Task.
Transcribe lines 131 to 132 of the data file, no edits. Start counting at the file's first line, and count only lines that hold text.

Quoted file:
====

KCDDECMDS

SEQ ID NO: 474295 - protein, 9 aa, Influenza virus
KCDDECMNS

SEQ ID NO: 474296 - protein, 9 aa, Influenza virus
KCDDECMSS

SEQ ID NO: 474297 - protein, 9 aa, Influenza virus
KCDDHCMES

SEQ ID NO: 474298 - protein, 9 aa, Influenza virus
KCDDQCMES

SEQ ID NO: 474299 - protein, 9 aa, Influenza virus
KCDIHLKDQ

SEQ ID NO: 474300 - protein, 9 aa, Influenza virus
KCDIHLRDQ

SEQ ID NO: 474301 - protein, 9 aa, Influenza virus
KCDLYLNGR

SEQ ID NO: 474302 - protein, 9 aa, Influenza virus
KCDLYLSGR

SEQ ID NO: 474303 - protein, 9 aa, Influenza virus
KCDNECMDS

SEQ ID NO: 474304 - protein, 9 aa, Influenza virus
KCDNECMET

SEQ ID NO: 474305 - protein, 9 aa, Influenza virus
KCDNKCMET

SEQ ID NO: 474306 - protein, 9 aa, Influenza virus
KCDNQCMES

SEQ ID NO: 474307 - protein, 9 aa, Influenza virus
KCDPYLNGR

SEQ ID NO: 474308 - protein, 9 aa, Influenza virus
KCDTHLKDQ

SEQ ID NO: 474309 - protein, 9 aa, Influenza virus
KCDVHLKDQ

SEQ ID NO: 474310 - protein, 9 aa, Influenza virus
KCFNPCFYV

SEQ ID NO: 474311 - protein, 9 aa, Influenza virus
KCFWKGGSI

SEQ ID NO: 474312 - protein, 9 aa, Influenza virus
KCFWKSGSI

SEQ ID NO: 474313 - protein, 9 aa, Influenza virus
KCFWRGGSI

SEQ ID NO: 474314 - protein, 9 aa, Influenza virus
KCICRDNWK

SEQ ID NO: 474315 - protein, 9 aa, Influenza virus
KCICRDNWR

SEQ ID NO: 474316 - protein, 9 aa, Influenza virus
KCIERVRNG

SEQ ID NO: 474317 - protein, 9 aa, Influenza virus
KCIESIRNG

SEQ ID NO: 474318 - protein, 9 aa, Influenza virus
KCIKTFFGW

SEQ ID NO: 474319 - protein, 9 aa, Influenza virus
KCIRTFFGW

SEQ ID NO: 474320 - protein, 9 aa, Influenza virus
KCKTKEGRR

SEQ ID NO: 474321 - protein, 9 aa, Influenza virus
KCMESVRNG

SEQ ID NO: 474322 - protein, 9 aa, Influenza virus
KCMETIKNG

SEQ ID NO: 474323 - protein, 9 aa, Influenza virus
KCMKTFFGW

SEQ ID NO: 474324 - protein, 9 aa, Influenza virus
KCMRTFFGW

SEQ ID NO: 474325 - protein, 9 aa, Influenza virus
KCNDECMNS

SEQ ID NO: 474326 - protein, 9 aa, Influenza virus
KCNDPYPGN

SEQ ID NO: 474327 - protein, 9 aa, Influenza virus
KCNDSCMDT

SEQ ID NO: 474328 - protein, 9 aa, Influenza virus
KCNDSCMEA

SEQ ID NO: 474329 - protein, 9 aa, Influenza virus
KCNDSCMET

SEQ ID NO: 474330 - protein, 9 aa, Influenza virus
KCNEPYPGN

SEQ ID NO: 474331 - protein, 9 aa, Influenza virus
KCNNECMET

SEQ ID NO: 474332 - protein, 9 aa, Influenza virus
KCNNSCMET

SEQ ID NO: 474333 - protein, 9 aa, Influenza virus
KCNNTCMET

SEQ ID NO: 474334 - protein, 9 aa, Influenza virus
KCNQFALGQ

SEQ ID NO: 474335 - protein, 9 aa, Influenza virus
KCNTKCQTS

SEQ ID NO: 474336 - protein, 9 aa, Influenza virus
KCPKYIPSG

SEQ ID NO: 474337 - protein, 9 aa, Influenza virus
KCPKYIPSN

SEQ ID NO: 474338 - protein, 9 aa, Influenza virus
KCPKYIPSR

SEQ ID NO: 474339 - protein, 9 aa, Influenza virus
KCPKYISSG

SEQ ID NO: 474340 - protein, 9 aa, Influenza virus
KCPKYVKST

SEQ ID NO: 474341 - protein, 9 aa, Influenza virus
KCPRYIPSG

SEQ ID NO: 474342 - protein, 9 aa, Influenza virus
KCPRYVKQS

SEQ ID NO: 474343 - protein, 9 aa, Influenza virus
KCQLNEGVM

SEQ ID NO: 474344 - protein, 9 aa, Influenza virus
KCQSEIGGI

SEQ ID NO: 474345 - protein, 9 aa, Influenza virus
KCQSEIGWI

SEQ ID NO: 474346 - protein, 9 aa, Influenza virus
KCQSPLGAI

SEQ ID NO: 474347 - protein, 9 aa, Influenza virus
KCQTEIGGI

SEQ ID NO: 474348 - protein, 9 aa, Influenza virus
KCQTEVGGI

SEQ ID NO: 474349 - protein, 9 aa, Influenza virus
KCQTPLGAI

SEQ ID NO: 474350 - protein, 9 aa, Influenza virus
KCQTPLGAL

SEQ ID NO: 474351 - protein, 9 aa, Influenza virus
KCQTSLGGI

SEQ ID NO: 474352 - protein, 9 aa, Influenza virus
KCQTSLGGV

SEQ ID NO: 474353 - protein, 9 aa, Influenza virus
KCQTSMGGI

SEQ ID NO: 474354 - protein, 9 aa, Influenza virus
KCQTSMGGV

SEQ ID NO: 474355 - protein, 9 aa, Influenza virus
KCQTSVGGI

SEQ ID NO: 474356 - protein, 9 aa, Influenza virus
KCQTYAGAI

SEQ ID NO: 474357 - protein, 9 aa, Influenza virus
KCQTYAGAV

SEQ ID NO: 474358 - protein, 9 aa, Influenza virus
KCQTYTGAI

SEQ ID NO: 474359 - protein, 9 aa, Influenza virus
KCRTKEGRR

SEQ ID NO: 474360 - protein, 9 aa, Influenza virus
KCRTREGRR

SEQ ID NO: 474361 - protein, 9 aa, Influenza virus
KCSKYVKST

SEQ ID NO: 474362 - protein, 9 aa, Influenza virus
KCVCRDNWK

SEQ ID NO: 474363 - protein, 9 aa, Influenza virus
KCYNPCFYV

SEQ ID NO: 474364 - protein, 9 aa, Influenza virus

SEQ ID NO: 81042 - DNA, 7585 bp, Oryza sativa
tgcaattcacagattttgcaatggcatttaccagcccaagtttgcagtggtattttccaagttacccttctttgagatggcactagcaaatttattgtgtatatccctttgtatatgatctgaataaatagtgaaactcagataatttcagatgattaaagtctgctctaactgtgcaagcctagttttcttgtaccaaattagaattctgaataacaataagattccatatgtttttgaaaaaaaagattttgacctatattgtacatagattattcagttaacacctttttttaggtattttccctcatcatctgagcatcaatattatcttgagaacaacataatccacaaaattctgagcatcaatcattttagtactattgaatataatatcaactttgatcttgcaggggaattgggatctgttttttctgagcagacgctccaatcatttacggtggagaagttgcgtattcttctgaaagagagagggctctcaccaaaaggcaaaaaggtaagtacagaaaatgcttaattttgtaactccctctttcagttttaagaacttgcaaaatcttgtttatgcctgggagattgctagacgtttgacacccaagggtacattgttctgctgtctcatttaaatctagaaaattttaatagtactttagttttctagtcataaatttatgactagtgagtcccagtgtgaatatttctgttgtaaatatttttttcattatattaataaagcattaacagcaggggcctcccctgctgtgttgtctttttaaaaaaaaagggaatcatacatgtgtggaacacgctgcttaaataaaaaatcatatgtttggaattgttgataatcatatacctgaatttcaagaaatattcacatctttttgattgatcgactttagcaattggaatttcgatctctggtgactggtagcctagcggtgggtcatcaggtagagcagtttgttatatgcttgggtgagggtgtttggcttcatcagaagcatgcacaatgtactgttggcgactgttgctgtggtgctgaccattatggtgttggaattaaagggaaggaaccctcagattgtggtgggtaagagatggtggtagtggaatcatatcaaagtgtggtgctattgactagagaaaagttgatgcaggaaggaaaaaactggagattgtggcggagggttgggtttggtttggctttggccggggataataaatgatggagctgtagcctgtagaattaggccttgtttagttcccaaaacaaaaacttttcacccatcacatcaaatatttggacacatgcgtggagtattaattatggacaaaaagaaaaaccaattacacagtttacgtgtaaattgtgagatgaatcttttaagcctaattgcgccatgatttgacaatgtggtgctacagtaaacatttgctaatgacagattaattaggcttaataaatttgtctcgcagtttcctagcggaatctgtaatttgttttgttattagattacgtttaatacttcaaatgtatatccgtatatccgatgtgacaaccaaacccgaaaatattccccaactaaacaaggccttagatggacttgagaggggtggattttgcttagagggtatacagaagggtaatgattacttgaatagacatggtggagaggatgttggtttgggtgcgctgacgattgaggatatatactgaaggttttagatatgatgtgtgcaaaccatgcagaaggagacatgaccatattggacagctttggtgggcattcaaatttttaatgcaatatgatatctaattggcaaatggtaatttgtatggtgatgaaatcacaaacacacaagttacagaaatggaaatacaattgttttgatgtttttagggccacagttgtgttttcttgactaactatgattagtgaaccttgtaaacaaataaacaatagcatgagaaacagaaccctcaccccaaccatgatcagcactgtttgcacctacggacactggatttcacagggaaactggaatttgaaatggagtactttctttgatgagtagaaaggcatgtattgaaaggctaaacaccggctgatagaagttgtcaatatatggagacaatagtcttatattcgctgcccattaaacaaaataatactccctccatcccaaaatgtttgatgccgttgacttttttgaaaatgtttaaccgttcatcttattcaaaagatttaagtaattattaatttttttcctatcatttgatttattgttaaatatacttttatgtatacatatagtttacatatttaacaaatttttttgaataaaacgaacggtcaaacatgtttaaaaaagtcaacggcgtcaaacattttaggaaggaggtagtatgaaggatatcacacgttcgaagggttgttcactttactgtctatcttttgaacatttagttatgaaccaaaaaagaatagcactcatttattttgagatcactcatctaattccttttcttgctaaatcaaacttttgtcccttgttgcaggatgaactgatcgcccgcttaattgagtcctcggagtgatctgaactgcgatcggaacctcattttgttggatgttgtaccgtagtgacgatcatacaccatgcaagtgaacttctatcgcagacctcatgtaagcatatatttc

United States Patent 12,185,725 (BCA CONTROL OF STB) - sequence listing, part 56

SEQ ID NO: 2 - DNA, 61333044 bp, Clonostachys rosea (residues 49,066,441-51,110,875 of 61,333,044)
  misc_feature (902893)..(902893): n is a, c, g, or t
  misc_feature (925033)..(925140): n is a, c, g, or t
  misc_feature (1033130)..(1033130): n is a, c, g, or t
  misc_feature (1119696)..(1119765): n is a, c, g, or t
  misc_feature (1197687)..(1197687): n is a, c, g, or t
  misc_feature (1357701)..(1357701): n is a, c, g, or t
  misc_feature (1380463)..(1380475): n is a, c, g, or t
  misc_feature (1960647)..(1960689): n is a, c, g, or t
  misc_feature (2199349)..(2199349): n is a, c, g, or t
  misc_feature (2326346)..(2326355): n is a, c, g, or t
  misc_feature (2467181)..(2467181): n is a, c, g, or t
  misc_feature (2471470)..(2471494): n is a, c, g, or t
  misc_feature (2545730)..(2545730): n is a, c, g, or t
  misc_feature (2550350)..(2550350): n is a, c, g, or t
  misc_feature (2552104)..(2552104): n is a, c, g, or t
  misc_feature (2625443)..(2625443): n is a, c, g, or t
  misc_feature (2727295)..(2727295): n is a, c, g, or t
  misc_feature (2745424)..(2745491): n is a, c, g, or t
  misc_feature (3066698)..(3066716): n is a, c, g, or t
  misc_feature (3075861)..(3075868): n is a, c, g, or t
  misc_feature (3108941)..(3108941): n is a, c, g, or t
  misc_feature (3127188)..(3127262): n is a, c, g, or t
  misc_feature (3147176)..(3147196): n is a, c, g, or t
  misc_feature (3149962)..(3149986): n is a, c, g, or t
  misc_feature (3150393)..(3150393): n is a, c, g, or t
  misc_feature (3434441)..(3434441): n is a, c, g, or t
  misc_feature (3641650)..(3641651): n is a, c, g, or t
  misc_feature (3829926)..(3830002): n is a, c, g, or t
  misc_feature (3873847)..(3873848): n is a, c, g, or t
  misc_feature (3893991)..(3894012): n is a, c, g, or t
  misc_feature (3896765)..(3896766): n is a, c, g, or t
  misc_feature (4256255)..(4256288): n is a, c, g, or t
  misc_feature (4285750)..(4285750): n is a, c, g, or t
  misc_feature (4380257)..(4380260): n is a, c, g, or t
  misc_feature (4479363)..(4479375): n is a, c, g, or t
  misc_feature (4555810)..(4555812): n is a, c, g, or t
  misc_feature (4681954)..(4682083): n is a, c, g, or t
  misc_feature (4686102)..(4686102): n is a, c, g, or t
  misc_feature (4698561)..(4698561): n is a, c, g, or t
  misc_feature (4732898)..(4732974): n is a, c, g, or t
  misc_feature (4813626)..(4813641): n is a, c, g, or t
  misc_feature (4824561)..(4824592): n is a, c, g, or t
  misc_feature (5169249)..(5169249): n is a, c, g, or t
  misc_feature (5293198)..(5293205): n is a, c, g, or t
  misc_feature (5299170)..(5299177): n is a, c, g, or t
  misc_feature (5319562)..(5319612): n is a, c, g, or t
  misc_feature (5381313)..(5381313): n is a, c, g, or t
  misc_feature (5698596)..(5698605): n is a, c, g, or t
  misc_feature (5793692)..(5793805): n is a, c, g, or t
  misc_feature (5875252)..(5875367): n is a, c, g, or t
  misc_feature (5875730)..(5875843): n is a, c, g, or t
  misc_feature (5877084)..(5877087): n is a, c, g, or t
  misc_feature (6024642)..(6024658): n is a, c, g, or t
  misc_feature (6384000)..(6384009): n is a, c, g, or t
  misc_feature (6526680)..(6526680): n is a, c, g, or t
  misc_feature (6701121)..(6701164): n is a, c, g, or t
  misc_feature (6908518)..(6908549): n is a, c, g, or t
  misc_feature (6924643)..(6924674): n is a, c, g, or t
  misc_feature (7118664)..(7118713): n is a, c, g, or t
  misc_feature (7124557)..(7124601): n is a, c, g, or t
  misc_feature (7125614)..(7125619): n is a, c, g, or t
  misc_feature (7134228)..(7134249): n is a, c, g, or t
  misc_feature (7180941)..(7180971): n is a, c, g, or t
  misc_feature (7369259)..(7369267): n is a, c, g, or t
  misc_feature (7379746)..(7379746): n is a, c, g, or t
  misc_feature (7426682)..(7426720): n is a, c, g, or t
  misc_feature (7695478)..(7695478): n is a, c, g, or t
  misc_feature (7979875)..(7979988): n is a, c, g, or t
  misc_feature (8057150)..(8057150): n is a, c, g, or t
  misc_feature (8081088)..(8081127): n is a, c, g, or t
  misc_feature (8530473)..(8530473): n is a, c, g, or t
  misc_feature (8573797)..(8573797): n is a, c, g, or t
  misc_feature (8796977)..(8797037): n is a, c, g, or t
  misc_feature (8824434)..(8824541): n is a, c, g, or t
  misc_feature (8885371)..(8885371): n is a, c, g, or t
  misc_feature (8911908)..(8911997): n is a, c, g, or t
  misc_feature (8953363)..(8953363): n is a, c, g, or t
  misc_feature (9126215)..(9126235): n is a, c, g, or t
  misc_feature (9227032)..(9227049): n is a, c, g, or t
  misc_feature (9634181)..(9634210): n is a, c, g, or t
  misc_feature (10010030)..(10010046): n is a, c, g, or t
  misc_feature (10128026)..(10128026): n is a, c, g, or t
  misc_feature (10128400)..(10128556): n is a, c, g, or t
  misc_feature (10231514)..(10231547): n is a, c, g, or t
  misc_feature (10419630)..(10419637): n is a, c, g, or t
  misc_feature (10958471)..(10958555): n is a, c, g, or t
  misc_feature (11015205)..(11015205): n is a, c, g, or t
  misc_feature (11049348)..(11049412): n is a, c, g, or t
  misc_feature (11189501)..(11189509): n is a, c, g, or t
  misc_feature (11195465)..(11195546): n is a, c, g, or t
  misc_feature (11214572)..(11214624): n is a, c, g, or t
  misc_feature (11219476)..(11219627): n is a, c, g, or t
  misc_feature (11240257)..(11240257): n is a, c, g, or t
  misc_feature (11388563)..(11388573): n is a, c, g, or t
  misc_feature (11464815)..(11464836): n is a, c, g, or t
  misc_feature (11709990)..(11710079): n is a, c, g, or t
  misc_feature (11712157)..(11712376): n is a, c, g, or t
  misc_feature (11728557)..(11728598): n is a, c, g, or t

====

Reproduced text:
KCRTKEGRR

SEQ ID NO: 474360 - protein, 9 aa, Influenza virus